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Critics Renew Calls For More Diverse Video Game Characters

Actress and gamer Aisha Tyler hosted game developer Ubisoft's press conference at the Electronic Entertainment Expo in Los Angeles. The company was recently criticized for not animating female assassins in one of its new games.
Lucy Nicholson
Actress and gamer Aisha Tyler hosted game developer Ubisoft's press conference at the Electronic Entertainment Expo in Los Angeles. The company was recently criticized for not animating female assassins in one of its new games.

There's a myth that only nerdy white guys play and make video games. At this week's video game extravaganza in Los Angeles called Electronic Entertainment Expo, Microsoft didn't do much to change that image.

At the company's E3 press conference, there was an unseen female announcer, but there was only one female who stood on stage and spoke. Bonnie Ross, who heads the Microsoft studio that produces its blockbuster game Halo, spoke for less than two minutes.

"When we think about the Halo universe, we think of it as a real place inhabited by real characters," Ross said during her brief appearance on the stage.

Leigh Alexander, who writes about the culture and business of games for the website Gamasutra, is a diehard gamer but says Microsoft has turned her off of its Xbox console.

"That branding has never really appealed to me and when I watched the Microsoft press conference, it felt very more of the same to me," Alexander says. "I didn't experience any diversity."

It's a complaint that has been dogging the game industry since its earliest days.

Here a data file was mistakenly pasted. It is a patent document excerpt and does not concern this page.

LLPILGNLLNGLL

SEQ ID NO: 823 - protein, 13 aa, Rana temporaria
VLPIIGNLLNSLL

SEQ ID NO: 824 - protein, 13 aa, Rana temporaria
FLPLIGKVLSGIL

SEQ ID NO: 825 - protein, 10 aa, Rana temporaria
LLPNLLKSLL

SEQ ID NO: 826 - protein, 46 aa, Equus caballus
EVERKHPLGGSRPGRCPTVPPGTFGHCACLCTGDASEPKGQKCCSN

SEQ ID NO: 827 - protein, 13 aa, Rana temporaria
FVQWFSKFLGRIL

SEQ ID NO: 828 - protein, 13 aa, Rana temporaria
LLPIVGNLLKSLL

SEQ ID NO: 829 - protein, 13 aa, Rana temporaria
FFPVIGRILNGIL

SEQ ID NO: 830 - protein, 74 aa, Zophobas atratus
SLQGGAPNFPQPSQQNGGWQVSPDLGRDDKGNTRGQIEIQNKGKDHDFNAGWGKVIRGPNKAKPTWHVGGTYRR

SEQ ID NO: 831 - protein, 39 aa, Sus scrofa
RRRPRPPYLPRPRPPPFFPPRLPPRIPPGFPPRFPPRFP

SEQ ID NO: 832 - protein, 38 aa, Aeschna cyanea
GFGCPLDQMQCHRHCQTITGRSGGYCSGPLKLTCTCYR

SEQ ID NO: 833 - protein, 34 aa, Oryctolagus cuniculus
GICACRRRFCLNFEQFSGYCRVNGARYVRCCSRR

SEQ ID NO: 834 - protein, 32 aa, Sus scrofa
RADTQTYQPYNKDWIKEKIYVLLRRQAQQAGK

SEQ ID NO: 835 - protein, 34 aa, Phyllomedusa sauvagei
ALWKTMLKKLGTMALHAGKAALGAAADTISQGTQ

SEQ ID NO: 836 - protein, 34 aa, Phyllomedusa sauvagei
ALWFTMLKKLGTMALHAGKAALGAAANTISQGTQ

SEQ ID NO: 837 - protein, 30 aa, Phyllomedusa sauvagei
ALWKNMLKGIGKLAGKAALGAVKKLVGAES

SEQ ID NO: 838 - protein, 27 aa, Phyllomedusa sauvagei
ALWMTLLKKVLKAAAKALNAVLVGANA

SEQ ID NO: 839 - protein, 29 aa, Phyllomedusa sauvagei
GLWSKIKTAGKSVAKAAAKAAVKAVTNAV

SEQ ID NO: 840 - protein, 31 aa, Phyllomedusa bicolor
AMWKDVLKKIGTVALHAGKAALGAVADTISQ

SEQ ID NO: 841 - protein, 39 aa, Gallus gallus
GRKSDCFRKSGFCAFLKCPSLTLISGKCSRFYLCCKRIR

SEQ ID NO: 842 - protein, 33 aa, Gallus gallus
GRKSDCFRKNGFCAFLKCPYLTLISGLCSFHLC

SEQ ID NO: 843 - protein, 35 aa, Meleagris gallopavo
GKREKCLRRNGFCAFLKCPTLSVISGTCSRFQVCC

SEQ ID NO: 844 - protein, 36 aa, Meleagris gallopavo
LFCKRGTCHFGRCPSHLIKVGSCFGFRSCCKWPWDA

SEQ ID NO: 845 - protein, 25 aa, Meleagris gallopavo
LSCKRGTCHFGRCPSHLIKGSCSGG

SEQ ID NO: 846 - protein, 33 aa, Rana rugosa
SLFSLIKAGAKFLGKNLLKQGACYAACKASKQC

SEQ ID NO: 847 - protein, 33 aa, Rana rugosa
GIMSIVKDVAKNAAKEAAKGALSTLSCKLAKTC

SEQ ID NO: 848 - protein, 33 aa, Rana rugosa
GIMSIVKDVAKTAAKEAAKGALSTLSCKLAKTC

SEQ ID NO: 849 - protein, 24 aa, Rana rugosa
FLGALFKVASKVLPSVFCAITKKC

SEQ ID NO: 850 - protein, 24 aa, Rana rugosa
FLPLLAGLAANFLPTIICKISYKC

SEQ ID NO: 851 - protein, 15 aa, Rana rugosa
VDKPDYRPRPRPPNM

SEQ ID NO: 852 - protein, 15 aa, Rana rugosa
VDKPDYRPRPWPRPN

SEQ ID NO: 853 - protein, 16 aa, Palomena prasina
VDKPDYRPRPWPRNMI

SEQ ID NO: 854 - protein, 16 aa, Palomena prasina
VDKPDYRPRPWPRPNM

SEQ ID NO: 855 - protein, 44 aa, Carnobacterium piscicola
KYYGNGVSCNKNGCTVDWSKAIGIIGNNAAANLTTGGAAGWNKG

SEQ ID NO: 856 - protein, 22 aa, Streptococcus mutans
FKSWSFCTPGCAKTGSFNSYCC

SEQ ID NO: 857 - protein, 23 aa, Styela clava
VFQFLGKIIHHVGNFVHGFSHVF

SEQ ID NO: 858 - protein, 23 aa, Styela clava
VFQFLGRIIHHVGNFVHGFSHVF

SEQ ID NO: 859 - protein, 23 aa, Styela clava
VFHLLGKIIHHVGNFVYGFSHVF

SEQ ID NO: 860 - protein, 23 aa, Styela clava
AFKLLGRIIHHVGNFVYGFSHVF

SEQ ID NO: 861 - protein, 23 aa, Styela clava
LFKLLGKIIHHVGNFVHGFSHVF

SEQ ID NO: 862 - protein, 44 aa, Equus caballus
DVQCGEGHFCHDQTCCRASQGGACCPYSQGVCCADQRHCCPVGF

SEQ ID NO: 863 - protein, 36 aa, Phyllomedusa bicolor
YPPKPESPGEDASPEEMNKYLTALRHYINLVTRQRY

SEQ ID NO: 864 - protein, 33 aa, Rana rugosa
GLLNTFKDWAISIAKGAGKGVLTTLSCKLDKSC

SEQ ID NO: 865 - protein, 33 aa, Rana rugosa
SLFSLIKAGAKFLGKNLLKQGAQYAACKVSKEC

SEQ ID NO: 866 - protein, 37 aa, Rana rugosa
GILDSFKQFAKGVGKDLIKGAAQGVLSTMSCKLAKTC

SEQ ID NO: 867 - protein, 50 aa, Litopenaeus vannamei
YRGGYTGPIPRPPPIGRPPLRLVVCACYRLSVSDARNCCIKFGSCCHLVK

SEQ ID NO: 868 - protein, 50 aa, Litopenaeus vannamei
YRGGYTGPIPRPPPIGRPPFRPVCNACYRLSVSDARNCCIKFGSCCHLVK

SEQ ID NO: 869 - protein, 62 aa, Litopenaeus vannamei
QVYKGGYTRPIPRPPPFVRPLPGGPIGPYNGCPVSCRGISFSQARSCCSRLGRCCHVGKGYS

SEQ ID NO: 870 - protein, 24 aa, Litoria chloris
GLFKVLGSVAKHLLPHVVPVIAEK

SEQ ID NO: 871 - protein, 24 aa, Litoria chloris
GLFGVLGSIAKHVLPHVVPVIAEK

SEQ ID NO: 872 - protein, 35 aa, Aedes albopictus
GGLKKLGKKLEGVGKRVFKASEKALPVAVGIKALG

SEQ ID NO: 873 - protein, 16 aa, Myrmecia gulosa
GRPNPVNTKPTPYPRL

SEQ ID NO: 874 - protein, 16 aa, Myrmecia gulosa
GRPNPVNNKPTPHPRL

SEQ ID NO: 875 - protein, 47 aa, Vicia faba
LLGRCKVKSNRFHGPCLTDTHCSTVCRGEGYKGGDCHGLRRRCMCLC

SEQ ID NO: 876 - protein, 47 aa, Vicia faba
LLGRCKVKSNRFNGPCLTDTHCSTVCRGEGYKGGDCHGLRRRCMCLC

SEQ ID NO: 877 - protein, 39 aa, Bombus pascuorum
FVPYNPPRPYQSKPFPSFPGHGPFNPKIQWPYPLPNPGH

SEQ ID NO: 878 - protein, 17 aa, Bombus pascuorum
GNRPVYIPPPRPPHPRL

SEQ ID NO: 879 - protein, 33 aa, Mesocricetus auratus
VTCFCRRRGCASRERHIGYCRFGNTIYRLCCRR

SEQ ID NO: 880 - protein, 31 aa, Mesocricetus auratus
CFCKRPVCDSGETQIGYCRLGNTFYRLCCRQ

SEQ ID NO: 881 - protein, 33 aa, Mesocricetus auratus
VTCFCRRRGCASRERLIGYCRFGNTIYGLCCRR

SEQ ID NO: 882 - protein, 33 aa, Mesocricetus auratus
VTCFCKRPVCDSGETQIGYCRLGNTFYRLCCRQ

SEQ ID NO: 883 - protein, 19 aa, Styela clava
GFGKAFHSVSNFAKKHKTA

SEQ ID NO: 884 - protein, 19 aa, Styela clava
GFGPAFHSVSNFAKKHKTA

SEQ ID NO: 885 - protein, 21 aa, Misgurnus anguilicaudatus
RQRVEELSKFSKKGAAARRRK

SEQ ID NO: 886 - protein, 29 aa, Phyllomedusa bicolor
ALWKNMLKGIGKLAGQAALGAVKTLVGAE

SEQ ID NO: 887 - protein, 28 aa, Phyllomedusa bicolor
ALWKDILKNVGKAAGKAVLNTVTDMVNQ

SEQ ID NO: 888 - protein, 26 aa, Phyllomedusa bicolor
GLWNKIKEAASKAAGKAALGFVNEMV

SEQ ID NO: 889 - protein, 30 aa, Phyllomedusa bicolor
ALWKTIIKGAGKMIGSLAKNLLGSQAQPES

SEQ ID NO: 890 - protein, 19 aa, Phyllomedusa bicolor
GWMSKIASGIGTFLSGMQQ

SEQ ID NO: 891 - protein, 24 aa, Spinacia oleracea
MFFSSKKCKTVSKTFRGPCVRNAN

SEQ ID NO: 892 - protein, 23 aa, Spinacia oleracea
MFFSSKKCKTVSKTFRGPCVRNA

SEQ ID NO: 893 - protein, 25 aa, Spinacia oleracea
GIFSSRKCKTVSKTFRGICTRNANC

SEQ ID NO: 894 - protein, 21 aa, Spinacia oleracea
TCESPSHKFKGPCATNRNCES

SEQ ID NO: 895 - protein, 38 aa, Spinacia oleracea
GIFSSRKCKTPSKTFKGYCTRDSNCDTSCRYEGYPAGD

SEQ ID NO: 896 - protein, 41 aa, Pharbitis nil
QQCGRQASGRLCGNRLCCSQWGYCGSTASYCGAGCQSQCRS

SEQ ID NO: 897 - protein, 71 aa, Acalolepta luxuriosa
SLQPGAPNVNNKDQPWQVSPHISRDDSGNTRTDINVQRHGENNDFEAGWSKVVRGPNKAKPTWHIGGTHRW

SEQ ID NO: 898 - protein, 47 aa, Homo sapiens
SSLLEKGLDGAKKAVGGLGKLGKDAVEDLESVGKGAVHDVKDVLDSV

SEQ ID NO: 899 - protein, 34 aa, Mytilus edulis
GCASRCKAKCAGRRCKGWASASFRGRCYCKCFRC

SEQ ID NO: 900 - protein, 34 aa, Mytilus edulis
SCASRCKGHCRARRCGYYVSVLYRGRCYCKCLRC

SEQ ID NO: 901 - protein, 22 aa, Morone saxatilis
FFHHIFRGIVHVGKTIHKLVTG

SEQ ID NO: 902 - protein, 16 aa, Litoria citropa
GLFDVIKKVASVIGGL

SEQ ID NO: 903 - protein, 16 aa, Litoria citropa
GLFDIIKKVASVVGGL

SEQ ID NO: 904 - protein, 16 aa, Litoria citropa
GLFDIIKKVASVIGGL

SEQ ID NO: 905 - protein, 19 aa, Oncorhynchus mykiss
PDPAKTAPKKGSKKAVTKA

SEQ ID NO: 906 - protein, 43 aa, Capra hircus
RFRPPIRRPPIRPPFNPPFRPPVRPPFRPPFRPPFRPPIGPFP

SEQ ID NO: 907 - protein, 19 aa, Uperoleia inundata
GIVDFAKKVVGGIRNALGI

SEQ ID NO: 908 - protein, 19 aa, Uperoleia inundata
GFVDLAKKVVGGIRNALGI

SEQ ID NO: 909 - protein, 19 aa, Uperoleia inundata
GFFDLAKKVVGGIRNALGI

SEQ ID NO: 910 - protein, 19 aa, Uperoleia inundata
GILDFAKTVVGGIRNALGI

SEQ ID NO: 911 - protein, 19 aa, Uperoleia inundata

"I think it's a fair comment," says Yusuf Mehdi, Microsoft vice president for devices and studios. "We are very conscious about, do we have women who are up on stage for us, telling the story, playing some of the games? I think we had some up there yesterday, telling our story, but we could do more; we want to do more."

But what was on stage reflected what was in the games.

One game among this year's titles sparked a firestorm on the Internet. Assassin's Creed Unity — the latest iteration of the franchise — takes place on the eve of the French Revolution. The game, developed by Ubisoft, will be available for Microsoft's Xbox One as well as Sony's PlayStation 4. Players can be in the shoes of up to four characters but not one of them is female.

In an interview with the gaming site Polygon, Unity's creative director Alex Amancio said having a female assassin was "a lot of extra production work." Twitter lit up, and the criticism rolled in under the hashtag #womenaretoohardtoanimate. Game critic Alexander thinks Amancio's comments are revealing.

"What their response reveals is that they didn't scope for it," she says. "That from the beginning it wasn't a concern."

Alexander was also among many — including game designers — who questioned why animating a woman character was so hard.

"I think they must presume that they're going to have to animate all these flowing dresses and flowing hair and jiggling breasts and things like that," she says. "[It's] really interesting insight into how technical folks in the game industry view women's bodies."